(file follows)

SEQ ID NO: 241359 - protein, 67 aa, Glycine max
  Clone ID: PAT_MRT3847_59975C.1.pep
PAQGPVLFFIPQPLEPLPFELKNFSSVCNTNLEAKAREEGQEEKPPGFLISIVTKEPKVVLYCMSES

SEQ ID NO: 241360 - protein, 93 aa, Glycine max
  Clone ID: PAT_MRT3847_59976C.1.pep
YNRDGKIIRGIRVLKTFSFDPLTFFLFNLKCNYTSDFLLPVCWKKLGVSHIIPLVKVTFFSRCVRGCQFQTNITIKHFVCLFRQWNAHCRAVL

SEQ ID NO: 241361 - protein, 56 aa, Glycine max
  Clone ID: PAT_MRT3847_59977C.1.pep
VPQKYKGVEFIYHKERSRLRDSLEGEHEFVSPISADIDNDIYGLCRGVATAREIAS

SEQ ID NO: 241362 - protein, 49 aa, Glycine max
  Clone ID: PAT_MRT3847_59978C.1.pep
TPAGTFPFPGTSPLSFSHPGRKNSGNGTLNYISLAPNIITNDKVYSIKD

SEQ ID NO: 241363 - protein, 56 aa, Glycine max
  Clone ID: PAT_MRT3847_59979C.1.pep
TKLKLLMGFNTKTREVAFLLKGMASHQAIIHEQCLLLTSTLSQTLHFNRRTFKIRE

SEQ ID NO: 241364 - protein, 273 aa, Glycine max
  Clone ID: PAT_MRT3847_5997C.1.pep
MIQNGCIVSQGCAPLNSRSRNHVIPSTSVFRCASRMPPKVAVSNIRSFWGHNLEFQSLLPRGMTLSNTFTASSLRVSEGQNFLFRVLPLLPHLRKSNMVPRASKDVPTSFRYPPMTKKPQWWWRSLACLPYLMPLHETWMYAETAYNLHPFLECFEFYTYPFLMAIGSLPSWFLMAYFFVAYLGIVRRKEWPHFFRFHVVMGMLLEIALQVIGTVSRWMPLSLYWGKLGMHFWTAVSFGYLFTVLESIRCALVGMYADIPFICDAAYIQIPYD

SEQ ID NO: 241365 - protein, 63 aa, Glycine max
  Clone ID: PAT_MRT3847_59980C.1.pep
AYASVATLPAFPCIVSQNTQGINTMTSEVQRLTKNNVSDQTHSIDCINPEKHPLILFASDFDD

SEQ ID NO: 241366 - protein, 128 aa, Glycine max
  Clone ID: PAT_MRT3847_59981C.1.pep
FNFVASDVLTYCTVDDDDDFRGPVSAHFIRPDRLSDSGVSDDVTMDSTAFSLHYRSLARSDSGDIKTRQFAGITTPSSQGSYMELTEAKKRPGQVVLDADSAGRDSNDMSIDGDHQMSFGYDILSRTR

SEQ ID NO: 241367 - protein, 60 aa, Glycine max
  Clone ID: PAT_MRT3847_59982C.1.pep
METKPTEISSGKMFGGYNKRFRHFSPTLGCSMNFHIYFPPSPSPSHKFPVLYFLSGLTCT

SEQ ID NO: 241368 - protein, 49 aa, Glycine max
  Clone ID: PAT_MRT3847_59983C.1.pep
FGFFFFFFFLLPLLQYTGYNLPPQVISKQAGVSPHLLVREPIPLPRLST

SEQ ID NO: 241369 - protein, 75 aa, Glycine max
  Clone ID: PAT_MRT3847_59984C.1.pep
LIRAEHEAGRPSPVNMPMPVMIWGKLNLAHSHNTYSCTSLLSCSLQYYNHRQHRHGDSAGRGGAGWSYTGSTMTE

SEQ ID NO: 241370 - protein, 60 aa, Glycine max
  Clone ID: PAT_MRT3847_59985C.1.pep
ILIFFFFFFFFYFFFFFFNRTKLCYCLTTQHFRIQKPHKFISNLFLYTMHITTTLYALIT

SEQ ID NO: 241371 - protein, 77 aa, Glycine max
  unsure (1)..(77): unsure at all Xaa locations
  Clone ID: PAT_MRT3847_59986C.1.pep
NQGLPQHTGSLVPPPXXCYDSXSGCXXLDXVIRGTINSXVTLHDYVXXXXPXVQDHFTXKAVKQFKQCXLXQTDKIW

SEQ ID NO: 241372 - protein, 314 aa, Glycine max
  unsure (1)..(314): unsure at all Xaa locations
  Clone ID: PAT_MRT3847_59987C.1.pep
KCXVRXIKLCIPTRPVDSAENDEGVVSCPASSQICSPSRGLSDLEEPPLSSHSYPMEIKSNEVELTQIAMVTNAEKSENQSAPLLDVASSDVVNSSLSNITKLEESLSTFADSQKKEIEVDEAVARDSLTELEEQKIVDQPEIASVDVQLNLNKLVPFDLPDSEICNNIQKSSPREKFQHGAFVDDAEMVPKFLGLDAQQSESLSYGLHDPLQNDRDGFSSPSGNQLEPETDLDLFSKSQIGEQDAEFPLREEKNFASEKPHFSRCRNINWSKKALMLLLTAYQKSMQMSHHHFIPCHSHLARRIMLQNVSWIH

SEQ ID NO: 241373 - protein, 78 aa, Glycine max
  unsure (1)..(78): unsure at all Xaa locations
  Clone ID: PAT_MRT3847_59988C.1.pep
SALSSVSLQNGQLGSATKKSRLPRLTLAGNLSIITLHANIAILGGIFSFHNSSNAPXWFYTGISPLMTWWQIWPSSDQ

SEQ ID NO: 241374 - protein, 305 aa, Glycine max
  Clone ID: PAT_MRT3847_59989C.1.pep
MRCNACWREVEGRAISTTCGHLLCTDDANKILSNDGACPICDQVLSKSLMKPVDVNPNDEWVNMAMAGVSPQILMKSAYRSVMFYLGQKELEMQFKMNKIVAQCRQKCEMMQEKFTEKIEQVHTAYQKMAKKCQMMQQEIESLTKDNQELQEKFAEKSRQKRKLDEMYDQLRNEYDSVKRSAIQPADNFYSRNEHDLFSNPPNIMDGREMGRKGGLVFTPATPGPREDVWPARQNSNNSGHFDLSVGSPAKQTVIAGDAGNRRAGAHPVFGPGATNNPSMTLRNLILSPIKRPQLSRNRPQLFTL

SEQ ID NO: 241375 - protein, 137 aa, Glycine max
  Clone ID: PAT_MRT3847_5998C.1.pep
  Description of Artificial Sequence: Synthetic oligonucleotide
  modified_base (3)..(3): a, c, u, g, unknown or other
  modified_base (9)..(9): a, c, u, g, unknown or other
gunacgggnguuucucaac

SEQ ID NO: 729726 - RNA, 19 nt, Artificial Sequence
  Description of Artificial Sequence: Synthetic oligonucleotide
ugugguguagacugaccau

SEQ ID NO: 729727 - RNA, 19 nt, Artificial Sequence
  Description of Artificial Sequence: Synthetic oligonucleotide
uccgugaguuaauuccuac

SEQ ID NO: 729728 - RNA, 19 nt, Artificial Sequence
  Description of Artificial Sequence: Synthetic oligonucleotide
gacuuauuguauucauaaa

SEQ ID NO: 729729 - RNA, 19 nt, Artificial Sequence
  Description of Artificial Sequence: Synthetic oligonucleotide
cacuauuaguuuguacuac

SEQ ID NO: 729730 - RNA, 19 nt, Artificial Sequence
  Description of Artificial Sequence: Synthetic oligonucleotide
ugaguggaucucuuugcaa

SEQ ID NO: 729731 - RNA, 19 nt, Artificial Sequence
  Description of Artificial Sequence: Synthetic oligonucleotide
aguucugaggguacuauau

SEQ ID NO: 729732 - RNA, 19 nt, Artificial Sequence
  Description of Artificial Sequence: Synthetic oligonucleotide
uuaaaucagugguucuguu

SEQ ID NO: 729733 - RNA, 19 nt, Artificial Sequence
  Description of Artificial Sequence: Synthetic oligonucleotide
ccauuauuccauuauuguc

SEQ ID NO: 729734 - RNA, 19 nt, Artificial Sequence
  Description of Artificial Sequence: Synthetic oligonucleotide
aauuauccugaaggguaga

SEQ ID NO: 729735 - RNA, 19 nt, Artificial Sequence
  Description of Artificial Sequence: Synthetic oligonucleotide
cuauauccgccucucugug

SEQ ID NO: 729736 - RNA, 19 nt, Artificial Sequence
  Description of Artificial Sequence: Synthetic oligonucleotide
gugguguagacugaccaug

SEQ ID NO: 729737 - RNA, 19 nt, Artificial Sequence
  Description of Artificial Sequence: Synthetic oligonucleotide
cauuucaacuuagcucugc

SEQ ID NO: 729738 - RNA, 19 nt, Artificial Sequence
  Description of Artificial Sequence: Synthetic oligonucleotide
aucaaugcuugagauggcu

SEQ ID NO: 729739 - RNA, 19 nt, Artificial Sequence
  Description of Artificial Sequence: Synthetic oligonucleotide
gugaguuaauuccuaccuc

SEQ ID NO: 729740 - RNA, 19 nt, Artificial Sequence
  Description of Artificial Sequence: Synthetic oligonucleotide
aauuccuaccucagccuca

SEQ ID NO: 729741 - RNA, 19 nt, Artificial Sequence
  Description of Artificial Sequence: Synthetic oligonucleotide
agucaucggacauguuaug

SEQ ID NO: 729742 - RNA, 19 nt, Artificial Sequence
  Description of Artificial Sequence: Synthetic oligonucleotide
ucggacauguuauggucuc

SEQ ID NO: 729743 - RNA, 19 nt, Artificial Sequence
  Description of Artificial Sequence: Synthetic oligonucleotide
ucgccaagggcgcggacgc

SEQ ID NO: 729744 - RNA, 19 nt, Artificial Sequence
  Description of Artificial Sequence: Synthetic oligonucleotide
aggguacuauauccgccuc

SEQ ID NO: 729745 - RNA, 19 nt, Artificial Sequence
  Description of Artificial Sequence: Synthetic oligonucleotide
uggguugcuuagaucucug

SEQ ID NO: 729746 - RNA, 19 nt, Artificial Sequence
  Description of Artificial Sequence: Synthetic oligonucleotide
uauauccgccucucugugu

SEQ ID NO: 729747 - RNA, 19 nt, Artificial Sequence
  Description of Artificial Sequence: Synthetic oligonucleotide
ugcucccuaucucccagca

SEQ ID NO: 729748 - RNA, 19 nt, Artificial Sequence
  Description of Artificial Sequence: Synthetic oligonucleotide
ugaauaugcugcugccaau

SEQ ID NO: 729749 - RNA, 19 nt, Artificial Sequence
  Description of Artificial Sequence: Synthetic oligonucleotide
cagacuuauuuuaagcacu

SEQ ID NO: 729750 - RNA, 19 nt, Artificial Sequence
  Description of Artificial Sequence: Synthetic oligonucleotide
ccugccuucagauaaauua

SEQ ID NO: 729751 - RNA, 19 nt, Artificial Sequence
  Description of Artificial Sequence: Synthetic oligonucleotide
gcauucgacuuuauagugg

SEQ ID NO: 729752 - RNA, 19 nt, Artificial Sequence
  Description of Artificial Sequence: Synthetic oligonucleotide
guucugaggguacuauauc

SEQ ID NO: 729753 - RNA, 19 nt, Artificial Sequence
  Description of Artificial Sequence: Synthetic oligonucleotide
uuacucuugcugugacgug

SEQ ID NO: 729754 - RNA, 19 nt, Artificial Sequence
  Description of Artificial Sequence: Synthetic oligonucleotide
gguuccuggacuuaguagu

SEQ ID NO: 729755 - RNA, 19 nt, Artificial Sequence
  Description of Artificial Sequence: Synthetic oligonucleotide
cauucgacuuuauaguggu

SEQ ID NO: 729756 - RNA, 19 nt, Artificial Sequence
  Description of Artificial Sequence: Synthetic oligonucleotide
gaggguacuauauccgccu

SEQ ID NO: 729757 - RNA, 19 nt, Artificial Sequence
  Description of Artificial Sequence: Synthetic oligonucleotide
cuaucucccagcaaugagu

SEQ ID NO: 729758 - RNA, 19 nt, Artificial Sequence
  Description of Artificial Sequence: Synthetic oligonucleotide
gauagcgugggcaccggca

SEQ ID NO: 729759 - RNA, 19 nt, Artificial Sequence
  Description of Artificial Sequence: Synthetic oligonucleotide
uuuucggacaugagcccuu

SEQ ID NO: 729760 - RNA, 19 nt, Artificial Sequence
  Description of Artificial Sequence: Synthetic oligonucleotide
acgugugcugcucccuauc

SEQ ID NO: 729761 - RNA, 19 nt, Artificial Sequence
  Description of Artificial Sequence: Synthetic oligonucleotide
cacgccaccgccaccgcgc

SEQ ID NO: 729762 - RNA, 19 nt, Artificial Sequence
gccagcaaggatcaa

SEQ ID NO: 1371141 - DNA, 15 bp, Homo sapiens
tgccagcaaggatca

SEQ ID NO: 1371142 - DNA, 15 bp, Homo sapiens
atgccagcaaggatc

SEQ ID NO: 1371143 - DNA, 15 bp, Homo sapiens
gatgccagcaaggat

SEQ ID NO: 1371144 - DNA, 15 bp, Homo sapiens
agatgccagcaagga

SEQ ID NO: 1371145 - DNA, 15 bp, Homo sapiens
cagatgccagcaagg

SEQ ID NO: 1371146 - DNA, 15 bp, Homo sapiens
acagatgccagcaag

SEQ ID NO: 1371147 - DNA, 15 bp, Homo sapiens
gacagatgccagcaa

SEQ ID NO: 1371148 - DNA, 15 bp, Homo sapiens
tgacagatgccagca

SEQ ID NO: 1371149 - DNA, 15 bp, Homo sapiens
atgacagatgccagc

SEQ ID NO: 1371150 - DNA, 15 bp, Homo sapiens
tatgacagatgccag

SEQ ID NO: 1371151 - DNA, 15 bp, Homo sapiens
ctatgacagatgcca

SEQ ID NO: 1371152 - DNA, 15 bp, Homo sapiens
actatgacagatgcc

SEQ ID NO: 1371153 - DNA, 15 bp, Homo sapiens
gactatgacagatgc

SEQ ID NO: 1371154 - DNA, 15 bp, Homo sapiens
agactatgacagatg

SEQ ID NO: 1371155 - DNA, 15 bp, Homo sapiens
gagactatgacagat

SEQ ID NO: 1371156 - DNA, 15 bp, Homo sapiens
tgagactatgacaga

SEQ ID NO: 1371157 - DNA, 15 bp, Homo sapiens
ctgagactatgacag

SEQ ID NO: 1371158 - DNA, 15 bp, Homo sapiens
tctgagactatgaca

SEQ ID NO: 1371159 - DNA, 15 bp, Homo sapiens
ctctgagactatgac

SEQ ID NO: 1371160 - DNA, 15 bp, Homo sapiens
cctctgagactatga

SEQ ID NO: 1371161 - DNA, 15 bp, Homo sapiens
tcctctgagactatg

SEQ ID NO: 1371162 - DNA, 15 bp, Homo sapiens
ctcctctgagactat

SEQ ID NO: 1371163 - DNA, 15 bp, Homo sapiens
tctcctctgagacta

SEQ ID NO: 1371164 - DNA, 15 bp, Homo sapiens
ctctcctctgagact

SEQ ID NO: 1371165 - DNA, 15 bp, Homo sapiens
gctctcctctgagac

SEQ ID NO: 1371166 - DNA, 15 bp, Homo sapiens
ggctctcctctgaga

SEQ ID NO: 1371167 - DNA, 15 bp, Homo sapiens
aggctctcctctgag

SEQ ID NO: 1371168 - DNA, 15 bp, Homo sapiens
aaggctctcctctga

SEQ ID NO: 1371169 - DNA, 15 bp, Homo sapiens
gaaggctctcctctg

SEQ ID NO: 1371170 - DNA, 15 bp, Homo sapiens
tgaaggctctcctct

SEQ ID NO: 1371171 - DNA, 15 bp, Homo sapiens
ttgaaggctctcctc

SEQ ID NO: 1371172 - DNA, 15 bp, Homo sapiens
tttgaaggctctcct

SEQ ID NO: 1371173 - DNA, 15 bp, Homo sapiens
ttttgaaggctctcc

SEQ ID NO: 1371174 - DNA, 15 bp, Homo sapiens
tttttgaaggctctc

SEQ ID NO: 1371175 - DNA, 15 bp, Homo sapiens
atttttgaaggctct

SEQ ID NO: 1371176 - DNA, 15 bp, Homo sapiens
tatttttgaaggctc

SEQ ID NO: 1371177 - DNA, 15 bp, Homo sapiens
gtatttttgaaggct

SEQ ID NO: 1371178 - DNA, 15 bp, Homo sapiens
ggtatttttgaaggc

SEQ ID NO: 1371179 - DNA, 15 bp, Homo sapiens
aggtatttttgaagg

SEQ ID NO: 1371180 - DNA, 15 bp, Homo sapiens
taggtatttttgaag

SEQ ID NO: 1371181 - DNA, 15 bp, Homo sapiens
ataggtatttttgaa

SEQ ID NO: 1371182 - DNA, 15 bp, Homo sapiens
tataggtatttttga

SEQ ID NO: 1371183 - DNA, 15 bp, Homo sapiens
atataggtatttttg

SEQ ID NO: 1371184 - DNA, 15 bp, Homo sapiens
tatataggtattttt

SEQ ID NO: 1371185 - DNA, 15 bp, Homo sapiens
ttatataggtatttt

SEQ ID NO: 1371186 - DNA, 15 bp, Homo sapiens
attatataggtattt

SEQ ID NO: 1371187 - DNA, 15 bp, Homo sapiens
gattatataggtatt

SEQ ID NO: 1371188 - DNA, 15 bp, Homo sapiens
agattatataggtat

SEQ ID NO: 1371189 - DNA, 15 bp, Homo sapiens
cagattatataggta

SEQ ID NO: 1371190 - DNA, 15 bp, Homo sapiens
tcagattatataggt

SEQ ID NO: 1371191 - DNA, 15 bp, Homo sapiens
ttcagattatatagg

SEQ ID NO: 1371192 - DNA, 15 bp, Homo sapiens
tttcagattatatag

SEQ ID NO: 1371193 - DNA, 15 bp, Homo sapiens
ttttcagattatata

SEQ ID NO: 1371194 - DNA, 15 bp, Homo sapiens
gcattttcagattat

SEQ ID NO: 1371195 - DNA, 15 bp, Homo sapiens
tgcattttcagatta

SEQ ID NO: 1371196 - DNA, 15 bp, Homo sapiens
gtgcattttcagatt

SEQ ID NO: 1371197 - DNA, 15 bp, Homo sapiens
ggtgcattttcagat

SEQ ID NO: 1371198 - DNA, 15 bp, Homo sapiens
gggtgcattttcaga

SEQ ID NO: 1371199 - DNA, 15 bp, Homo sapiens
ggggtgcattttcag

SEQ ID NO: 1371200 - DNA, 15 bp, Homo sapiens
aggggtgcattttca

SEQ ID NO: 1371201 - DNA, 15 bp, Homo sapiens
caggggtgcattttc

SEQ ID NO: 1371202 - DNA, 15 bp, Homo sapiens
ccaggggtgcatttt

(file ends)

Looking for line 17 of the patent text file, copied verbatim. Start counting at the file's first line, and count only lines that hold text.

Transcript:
  Clone ID: PAT_MRT3847_5997C.1.pep